Annals of Hematology

, Volume 98, Issue 11, pp 2627–2628 | Cite as

Fatal type B lactic acidosis in a patient with end-stage liver disease related to homozygous sickle cell disease

  • Véronique Masy
  • Etienne Sokal
  • Nadejda Ranguelov
  • Bénédicte Brichard
  • Pierre-François Laterre
  • Philippe HantsonEmail author
Letter to the Editor

Hepatic involvement by sickle cell disease (SCD) can result in a variety of symptoms ranging from mild to life-threatening. Acute intrahepatic cholestasis is a rare but often fatal condition, with multi-organ failure as a terminal event. The following observation is suggesting that extreme hyperbilirubinemia may be associated with energetic failure.

A 16-year-old girl was admitted to the intensive care unit (ICU) for seizures. She had a complicated medical past history in relation to homozygous SCD. At the age of 3 months, she received a liver transplantation for a fulminant hepatic failure due to neonatal hemochromatosis. At the age of 15, she developed a chronic renal failure with a corticoresistant nephrotic syndrome due to a membranoproliferative glomerulonephritis and focal segmental glomerulosclerosis connected with sickle cell nephropathy. A few months later, she developed a progressive liver disease with jaundice. Liver biopsy could rule out rejection and was in favor of sickle...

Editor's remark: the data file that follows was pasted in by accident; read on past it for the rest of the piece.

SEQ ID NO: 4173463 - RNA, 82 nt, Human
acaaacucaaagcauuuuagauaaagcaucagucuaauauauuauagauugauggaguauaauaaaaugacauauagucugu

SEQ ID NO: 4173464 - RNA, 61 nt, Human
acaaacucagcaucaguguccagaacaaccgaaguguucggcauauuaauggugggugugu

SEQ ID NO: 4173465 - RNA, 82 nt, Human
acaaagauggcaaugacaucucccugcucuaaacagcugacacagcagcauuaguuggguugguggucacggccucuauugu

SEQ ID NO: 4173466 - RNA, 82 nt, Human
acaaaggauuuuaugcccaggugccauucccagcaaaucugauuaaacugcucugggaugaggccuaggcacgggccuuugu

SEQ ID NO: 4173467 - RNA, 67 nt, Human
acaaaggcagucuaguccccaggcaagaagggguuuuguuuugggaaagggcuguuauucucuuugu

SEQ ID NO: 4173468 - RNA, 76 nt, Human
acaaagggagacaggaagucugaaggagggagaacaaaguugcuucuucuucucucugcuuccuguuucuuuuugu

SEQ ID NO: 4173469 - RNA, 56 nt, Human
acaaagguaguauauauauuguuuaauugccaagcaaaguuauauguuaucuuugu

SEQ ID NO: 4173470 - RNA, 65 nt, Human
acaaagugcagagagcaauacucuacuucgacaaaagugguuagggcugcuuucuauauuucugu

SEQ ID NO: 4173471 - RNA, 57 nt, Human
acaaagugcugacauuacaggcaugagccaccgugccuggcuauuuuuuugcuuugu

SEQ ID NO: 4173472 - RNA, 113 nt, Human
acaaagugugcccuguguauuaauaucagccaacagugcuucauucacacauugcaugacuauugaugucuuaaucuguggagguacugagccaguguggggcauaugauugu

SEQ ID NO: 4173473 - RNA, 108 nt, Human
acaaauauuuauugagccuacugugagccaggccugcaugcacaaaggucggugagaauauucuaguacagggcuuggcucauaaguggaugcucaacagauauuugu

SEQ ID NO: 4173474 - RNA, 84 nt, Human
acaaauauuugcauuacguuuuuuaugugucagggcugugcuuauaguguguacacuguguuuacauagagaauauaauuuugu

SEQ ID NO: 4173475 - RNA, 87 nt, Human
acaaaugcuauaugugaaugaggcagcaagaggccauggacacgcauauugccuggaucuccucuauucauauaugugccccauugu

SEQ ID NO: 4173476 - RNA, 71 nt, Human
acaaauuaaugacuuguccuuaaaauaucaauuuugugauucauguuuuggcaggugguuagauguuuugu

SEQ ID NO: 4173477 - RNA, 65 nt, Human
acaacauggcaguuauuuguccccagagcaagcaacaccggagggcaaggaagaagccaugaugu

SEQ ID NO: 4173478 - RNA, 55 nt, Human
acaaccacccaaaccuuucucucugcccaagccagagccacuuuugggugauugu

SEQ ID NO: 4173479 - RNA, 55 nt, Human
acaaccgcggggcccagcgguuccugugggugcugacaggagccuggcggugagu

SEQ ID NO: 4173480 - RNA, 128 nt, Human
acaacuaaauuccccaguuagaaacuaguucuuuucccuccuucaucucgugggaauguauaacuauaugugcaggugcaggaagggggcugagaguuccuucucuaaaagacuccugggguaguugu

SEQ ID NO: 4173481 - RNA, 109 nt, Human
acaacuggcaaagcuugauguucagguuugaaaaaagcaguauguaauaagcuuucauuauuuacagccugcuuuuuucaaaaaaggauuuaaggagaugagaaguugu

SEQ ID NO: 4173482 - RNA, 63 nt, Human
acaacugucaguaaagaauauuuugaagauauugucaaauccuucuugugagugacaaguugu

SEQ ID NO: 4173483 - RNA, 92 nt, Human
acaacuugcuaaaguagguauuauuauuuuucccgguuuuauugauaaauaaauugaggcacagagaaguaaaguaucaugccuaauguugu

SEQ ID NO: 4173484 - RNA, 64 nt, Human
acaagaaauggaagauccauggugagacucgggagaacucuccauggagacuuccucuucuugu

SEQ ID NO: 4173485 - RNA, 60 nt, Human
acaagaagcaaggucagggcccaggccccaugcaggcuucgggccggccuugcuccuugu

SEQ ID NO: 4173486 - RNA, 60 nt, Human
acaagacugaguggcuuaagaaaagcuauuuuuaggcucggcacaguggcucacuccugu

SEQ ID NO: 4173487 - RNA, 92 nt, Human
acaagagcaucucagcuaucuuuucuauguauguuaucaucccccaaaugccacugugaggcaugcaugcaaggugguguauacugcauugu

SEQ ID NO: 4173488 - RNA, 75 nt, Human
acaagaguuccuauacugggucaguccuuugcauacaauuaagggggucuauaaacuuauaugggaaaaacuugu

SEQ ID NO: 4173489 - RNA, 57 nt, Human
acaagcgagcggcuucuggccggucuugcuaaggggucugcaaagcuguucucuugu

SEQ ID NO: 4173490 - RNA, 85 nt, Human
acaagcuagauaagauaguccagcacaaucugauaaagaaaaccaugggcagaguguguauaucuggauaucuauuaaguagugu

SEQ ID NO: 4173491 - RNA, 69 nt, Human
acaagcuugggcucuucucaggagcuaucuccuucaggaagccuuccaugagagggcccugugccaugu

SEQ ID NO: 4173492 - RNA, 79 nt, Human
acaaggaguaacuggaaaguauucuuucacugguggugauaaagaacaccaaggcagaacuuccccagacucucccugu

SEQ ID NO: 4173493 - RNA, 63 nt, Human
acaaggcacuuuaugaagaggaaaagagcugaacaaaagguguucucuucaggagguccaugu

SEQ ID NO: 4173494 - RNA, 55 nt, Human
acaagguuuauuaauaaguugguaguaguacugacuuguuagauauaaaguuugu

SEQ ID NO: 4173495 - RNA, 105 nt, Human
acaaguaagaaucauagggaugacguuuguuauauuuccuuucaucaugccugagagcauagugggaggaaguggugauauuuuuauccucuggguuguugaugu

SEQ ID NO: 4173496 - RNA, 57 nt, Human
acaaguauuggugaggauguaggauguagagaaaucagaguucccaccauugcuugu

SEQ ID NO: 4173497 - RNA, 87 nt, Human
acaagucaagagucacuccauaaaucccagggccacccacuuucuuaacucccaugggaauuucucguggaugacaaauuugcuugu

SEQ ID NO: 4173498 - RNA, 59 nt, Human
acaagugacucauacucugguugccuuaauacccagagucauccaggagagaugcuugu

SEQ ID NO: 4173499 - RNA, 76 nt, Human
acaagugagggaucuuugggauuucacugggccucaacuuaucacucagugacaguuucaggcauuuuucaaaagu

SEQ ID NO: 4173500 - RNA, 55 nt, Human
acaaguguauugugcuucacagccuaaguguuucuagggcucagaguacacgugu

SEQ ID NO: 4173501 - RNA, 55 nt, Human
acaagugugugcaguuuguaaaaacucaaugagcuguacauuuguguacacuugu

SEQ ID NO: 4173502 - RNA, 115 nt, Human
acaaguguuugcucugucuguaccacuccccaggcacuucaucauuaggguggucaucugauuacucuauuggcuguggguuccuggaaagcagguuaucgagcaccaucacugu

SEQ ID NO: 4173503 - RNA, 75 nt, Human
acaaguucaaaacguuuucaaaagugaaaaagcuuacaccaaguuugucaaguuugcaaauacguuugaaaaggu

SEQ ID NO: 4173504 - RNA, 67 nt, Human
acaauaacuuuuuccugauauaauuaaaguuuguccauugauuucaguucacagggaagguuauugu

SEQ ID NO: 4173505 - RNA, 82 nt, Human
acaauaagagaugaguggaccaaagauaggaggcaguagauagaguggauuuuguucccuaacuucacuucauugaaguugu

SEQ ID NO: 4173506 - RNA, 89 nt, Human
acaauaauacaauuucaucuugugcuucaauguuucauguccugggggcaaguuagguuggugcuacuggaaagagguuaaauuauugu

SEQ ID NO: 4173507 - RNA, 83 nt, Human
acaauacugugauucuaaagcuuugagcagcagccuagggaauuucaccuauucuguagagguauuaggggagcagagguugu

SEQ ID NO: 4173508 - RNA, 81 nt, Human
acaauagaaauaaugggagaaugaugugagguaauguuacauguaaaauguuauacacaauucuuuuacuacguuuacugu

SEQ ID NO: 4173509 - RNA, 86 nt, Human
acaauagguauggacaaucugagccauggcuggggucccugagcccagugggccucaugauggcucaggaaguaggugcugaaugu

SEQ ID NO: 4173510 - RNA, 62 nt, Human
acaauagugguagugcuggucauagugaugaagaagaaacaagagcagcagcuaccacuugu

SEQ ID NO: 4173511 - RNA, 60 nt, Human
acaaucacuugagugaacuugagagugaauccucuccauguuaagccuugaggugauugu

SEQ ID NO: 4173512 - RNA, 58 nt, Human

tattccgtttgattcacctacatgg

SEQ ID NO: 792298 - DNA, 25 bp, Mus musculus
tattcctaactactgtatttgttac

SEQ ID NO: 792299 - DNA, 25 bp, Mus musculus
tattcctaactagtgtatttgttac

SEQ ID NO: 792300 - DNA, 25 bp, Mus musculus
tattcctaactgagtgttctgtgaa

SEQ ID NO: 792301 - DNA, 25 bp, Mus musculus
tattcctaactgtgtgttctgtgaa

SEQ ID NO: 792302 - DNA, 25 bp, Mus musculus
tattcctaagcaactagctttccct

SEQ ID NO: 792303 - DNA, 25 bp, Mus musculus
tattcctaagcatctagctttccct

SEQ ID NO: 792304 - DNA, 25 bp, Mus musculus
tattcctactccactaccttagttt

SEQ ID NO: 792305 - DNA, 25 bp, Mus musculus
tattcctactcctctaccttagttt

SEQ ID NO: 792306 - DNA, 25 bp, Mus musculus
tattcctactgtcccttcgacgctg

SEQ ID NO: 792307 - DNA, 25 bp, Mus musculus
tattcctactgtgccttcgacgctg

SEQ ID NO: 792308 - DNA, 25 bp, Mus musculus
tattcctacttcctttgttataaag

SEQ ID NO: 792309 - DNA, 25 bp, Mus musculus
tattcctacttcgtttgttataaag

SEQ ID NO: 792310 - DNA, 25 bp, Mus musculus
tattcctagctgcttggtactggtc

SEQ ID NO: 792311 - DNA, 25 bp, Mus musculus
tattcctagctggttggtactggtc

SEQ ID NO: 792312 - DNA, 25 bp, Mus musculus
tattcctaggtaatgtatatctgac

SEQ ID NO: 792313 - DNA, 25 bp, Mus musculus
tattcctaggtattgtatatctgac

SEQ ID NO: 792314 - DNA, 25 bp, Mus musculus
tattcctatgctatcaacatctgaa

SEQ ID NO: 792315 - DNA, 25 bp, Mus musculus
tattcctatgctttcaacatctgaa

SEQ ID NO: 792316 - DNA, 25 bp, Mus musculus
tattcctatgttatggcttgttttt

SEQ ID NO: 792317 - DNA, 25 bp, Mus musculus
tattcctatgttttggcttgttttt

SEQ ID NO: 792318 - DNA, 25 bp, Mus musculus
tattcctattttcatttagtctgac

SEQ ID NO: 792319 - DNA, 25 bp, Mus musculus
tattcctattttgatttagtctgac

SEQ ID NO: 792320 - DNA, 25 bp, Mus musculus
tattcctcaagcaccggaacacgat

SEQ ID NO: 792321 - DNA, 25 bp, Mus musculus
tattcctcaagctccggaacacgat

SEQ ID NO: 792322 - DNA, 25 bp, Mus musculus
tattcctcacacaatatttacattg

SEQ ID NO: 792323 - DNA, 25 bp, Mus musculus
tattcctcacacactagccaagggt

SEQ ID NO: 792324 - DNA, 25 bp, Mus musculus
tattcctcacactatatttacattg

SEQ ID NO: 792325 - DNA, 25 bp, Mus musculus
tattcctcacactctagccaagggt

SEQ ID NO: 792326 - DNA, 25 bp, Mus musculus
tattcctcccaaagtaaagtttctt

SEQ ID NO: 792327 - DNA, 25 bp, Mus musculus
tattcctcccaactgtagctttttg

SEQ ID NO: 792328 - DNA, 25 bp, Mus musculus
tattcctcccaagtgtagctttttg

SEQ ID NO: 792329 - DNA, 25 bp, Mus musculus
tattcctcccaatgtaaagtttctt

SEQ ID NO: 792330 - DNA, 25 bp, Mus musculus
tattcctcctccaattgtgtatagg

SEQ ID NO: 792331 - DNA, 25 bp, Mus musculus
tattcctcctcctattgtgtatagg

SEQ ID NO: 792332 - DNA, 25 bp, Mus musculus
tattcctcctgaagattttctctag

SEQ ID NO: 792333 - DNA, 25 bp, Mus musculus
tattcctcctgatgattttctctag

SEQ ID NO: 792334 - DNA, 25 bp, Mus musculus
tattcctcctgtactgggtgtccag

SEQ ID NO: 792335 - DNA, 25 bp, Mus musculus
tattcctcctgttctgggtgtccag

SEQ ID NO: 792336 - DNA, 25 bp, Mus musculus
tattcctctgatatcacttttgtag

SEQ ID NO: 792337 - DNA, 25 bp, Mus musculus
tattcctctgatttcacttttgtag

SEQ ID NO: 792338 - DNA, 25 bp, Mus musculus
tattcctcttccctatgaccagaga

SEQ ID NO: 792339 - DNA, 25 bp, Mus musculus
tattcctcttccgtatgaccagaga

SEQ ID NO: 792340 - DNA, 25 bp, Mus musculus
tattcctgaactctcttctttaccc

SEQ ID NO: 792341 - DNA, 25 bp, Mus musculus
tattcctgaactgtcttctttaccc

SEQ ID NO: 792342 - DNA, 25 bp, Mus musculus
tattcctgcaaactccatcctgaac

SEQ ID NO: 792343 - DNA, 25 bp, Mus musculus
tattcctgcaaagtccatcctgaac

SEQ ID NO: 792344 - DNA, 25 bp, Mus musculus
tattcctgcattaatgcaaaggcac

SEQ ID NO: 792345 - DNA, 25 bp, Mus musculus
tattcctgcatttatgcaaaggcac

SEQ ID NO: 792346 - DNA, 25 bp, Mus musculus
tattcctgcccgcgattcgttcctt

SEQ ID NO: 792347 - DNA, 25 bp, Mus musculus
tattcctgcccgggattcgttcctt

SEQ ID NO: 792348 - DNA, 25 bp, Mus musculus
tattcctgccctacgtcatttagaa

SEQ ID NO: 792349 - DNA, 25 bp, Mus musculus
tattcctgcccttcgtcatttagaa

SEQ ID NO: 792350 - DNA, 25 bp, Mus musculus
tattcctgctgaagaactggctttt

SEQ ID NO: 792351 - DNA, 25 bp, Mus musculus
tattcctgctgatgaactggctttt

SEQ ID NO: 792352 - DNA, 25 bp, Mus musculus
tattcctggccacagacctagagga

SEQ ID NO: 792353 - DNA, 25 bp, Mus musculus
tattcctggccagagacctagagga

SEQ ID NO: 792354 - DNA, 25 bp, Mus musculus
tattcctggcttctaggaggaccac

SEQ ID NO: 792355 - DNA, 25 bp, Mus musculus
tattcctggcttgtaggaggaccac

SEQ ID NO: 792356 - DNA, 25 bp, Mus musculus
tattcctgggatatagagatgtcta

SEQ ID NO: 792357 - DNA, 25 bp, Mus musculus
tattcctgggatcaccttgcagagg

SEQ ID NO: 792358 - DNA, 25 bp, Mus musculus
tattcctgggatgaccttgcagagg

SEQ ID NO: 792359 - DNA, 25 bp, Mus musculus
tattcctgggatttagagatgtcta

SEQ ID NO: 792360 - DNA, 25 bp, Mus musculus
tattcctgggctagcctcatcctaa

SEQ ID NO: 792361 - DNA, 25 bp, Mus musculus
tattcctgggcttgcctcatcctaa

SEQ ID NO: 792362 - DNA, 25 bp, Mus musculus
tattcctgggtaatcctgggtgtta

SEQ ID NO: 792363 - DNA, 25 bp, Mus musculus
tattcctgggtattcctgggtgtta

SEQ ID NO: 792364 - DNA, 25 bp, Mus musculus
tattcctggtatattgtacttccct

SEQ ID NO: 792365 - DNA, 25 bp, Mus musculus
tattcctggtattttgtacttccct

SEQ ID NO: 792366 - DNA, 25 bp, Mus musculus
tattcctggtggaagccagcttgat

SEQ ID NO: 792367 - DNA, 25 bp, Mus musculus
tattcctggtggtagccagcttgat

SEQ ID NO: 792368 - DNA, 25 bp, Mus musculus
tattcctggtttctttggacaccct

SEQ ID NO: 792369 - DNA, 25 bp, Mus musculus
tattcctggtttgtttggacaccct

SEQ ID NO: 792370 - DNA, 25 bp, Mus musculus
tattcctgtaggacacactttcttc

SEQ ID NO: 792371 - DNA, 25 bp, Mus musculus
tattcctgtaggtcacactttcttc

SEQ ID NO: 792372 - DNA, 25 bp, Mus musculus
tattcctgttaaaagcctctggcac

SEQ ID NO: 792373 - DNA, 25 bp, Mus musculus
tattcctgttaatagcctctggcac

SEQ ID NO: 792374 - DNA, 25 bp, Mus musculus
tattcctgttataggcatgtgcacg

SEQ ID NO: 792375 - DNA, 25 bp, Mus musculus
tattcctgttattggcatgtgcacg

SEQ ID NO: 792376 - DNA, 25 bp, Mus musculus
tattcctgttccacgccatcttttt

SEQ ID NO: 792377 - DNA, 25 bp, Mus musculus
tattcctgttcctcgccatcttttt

Compliance with ethical standards


An informed consent was obtained from the relatives.

Conflict of interest

The authors declare that they have no conflict of interest.

Ethical approval

All procedures performed in studies involving human participants were in accordance with the ethical standards of the institutional and/or national research committee and with the 1964 Helsinki declaration and its later amendments or comparable ethical standards.


  1. 1.
    Finsterer J, Scorza FA (2017) Effects of antiepileptic drugs on mitochondrial functions, morphology, kinetics, biogenesis, and survival. Epilepsy Res. 136:5–11CrossRefGoogle Scholar
  2. 2.
    Lipka K, Bülow HH (2003) Lactic acidosis following convulsions. Acta Anaesthesiol Scand. 47:616–618CrossRefGoogle Scholar
  3. 3.
    Karacaoglu PK, Asma S, Korur A et al (2016) East Mediterranean region sickle cell disease mortality trial: retrospective multicenter cohort analysis of 735 patients. Ann Hematol. 95:993–1000CrossRefGoogle Scholar
  4. 4.
    Manci EA, Culberson DE, Yang YM, Gardner TM, Powell R, Haynes J Jr, Shah AK, Mankad VN, Investigators of the Cooperative Study of Sickle Cell Disease (2003) Causes of death in sickle cell disease: an autopsy study. Br J Haematol. 123:359–365CrossRefGoogle Scholar
  5. 5.
    Haydek JP, Taborda C, Shah R, Reshamwala PA, McLemore M, Rassi FE, Chawla S (2019) Extreme hyperbilirubinemia: an indicator of morbidity and mortality in sickle cell disease. World J Hepatol. 11:287–293CrossRefGoogle Scholar

Copyright information

© Springer-Verlag GmbH Germany, part of Springer Nature 2019

Authors and Affiliations

  1. 1.Department of Intensive Care, Cliniques universitaires St-LucUniversité catholique de LouvainBrusselsBelgium
  2. 2.Department of Pediatrics, Pediatric Gastroenterology and Hepatology Unit, Cliniques universitaires St-LucUniversité catholique de LouvainBrusselsBelgium
  3. 3.Department of Pediatrics, Cliniques universitaires St-LucUniversité catholique de LouvainBrusselsBelgium
  4. 4.Department of Pediatric Hemato-oncology, Cliniques universitaires St-LucUniversité catholique de LouvainBrusselsBelgium

Personalised recommendations